Outcome of playing with Windows Thin PC and Hyper-V, and the experience has exceeded our expectations.
Hardware-wise, our WinTPC system was a year-old Core i3 2.13GHz Sony Vaio with 4GB of RAM and integrated Intel HM55 graphics. A bit over-kill for WinTPC, but fairly inconsequential as most of our testing revolved around RemoteFX. On the server side, we used Windows Server 2008 R2 on a desktop machine with a Core i7 930 at 4GHz CPU, 6GB of RAM, and an Nvidia GTX 460 graphics card. Not exactly server-class hardware, but more than enough for testing a single thin client. The server ran Hyper-V with a single instance of Windows 7 SP1 with RemoteFX installed.
First, it’s important to understand that Windows Thin PC, in its base state, is incredibly plain. Beyond the usual Windows 7 control panels, it has Paint, Calculator, Remote Desktop Connection… and that’s about it. The result is a installation process that’s a lot quicker than Windows 7 Ultimate, and an OS that occupies less than 3GB — some 5GB less than Ultimate. It’s important to note that this is all you get with WinTPC — you can’t customize the installation image. For that, you need Windows Embedded Standard 7, which only comes pre-installed on machines from OEMs. On the flip side, however, WinTPC is free to Microsoft Software Assurance (SA) customers. It’s a stop-gap until the next upgrade cycle comes around, basically.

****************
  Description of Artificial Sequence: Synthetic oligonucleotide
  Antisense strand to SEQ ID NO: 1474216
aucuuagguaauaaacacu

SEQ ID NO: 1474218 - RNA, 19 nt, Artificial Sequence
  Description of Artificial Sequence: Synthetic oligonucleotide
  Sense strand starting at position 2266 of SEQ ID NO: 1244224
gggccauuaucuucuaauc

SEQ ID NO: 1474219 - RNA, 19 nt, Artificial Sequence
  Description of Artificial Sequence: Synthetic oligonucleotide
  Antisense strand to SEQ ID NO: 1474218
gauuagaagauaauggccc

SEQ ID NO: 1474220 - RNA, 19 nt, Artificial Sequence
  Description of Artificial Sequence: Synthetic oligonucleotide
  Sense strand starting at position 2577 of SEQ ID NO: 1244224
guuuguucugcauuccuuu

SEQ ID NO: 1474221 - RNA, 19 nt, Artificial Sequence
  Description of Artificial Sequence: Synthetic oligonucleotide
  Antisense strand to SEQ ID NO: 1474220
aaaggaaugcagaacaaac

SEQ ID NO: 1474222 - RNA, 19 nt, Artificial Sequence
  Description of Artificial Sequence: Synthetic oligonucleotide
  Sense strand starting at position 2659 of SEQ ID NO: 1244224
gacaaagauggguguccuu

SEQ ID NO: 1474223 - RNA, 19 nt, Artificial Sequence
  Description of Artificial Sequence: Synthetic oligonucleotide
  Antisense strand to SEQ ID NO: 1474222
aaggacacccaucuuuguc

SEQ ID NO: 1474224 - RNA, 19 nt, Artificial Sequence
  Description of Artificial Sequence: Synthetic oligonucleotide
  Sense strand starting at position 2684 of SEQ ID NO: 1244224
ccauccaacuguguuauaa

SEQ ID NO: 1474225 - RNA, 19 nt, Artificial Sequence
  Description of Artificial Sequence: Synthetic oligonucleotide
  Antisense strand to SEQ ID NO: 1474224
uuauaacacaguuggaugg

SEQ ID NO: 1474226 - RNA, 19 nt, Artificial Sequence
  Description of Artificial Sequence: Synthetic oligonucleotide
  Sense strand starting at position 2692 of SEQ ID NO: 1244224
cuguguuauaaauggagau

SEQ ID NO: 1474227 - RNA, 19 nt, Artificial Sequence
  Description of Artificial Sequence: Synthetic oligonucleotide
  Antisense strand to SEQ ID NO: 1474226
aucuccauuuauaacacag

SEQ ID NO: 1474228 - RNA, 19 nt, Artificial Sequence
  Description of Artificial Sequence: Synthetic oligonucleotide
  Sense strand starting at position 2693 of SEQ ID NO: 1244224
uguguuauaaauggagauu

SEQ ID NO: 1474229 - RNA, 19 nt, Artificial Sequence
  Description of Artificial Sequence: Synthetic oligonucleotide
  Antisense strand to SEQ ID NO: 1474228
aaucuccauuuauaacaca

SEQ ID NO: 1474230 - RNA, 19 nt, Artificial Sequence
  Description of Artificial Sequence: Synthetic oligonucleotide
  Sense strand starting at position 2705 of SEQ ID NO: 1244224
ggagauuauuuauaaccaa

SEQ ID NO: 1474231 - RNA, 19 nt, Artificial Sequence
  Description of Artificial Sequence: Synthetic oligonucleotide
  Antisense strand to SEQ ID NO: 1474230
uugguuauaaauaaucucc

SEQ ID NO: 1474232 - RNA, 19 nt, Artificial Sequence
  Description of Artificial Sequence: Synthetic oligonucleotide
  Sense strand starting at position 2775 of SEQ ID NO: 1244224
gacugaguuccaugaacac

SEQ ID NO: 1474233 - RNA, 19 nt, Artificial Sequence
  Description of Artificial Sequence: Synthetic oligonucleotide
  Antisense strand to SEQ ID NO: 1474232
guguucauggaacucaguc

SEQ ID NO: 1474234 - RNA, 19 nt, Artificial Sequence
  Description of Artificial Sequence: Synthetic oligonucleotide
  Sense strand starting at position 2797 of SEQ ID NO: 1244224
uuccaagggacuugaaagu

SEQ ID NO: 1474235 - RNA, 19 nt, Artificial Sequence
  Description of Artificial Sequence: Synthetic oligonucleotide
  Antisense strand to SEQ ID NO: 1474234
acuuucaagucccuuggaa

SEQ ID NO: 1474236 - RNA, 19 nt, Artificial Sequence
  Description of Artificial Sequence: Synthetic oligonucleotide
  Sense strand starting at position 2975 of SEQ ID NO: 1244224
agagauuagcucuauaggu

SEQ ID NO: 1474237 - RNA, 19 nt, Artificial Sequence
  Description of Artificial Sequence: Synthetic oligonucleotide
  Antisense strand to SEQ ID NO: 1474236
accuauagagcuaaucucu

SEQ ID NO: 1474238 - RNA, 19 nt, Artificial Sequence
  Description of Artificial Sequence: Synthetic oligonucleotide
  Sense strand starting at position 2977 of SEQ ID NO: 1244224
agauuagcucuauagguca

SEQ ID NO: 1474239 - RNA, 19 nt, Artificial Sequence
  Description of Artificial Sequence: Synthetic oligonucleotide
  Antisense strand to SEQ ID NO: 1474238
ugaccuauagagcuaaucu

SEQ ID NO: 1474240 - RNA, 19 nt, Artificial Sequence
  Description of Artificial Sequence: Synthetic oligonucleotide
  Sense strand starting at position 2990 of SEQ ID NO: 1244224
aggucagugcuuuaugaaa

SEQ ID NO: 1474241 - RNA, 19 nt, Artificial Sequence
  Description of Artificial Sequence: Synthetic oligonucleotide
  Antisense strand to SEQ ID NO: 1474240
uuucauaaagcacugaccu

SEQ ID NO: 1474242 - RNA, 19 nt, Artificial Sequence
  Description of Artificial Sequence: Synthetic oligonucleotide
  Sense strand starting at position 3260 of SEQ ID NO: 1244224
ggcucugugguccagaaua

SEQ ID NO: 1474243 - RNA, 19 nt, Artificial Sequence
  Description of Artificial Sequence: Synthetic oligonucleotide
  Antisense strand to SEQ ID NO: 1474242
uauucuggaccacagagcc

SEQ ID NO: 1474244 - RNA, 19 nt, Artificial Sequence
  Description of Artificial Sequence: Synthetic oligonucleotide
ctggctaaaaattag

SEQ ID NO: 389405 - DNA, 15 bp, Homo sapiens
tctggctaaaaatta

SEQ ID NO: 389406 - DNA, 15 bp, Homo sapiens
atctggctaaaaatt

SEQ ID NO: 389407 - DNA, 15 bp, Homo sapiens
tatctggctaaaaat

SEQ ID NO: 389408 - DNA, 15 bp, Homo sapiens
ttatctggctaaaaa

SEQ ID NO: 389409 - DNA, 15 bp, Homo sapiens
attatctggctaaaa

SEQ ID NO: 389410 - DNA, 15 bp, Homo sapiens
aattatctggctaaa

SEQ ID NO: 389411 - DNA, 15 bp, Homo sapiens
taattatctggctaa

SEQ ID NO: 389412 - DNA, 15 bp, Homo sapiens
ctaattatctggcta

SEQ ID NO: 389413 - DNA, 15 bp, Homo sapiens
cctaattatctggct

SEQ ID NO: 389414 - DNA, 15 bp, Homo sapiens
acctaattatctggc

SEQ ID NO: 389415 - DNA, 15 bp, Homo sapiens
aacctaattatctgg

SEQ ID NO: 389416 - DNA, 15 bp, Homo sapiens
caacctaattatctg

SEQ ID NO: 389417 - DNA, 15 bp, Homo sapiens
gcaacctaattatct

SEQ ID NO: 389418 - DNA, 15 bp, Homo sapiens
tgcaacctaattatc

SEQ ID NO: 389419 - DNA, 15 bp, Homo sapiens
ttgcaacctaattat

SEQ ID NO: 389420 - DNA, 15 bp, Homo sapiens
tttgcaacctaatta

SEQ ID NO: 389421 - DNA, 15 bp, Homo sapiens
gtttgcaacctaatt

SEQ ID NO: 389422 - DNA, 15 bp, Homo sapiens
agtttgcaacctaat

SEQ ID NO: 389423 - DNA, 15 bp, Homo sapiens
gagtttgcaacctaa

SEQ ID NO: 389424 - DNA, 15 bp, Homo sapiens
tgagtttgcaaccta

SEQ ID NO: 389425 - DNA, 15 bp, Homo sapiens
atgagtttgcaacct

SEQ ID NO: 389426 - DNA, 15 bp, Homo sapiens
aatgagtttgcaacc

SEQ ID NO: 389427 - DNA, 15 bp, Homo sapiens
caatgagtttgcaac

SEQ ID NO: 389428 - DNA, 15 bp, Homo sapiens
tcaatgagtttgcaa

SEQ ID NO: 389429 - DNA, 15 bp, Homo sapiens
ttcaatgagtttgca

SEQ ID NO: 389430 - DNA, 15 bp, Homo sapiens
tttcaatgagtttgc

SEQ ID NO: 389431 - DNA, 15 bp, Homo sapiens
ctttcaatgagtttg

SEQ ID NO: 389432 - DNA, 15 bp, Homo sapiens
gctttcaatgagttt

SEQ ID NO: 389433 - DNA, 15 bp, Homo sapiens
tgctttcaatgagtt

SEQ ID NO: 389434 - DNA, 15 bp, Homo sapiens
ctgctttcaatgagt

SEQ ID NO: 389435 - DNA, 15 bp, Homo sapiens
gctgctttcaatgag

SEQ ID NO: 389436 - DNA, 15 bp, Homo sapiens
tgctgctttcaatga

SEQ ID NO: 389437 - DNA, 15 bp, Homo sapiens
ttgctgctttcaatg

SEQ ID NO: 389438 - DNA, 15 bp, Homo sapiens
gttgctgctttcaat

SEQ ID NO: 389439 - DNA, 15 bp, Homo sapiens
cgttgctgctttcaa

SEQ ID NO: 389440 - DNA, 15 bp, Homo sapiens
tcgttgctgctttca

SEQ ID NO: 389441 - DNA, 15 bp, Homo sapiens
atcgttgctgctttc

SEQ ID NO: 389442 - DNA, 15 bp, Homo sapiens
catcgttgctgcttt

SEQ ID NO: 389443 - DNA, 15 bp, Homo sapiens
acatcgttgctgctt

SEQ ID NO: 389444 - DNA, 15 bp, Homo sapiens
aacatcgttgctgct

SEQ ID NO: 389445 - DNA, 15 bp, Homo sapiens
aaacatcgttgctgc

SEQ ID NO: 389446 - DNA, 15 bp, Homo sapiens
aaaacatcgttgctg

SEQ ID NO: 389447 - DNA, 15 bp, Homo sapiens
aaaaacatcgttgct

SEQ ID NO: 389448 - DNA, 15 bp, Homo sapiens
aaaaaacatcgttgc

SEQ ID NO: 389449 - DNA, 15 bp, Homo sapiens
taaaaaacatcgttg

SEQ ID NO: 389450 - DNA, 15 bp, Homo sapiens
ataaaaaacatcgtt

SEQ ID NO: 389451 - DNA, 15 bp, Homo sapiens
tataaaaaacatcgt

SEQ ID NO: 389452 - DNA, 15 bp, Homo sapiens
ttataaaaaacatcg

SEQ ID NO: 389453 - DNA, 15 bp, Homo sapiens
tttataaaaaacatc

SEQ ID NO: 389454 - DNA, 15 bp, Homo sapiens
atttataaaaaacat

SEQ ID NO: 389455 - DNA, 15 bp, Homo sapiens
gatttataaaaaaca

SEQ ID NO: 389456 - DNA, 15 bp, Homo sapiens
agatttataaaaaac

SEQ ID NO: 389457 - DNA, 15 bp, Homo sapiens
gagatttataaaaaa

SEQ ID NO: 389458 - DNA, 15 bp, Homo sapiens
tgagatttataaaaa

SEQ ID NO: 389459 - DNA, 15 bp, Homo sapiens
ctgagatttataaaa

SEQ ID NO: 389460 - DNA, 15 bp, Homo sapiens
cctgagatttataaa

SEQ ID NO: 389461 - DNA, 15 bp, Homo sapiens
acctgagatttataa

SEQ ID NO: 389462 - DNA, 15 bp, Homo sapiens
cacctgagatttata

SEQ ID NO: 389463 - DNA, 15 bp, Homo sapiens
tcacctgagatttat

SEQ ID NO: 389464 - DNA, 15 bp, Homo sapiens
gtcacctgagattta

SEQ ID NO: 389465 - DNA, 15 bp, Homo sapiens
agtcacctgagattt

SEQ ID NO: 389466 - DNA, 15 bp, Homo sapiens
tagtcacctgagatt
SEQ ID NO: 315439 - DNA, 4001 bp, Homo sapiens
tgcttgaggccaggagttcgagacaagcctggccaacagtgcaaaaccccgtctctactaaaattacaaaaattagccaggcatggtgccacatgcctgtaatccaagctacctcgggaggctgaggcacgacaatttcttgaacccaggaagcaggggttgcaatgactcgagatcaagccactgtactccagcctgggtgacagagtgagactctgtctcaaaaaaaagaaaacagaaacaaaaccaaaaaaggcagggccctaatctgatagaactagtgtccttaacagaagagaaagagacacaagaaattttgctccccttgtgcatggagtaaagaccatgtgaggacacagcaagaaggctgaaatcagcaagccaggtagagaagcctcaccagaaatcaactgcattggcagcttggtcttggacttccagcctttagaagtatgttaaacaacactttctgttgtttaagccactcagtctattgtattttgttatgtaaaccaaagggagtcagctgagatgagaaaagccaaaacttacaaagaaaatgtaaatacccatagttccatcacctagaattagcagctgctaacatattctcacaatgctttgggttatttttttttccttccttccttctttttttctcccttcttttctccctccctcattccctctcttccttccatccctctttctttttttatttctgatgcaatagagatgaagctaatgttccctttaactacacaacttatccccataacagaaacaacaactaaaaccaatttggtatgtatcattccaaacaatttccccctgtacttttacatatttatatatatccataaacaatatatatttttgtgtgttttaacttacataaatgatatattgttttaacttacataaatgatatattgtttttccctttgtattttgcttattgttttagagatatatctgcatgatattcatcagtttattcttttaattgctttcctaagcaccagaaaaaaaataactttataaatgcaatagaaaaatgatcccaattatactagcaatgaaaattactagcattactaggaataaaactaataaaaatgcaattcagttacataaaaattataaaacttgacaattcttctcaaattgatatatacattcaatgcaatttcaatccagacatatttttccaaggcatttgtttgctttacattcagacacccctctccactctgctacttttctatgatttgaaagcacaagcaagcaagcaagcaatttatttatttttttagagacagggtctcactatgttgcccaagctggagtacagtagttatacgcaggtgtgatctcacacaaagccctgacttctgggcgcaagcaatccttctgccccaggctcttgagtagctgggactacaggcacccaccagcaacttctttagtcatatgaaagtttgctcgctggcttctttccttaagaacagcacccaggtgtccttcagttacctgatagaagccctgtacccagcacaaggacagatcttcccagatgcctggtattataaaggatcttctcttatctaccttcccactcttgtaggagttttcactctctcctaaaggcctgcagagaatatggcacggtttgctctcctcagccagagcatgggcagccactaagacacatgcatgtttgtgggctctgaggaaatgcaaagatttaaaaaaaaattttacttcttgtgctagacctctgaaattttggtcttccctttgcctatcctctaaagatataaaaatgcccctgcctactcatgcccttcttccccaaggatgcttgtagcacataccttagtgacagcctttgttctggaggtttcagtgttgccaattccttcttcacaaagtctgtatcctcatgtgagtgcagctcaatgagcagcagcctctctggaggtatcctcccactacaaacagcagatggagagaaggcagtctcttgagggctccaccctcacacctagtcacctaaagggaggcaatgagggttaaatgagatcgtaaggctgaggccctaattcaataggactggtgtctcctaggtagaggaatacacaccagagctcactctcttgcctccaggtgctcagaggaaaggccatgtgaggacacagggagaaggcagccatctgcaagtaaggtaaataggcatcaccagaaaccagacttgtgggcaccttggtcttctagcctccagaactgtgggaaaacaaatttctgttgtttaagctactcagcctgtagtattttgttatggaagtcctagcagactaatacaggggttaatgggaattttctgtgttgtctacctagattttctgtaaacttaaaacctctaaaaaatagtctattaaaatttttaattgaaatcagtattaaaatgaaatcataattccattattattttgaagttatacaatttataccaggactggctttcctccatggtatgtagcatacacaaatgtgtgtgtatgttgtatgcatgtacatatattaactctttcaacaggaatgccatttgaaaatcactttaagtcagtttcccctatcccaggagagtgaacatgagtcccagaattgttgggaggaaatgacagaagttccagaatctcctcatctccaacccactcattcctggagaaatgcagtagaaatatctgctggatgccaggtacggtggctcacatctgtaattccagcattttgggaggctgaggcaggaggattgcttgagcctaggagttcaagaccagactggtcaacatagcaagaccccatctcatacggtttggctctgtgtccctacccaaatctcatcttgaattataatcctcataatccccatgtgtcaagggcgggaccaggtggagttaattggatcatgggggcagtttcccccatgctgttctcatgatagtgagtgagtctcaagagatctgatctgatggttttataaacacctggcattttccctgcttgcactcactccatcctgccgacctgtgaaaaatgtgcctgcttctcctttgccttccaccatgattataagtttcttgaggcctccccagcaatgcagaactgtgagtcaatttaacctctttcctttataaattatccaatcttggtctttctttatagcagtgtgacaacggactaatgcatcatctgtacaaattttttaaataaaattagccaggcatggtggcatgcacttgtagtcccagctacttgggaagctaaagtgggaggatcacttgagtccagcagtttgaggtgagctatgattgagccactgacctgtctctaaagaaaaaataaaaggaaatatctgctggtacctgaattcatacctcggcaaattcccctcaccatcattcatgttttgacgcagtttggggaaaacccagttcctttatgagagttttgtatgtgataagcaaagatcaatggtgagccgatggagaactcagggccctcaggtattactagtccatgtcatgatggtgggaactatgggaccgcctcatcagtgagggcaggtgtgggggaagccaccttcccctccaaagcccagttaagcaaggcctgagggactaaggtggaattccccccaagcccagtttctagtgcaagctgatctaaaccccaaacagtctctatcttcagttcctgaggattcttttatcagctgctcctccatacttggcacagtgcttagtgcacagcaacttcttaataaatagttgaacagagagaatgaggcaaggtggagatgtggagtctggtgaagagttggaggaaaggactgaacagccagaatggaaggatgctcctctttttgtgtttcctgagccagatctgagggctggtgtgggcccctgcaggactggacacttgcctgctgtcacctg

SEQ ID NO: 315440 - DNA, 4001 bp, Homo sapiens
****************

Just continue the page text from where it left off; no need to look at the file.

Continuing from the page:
Once WinTPC boots up (which is very quick), all you can really do is open Remote Desktop Connection and connect to a remote computer — which in our case was across a wireless LAN link to Windows 7 SP1 running under Hyper-V. It’s really quite remarkable: you log in, and a few moments later you’re presented with a desktop that looks better than your local thin PC desktop. There’s no dithering on the wallpaper, there are dropshadows under everything, and — this is the cool bit — even Aero works. Transparency! Aero Flip! Aero Snap! There were a few occasions where I actually forgot which system I was on; it really is that good.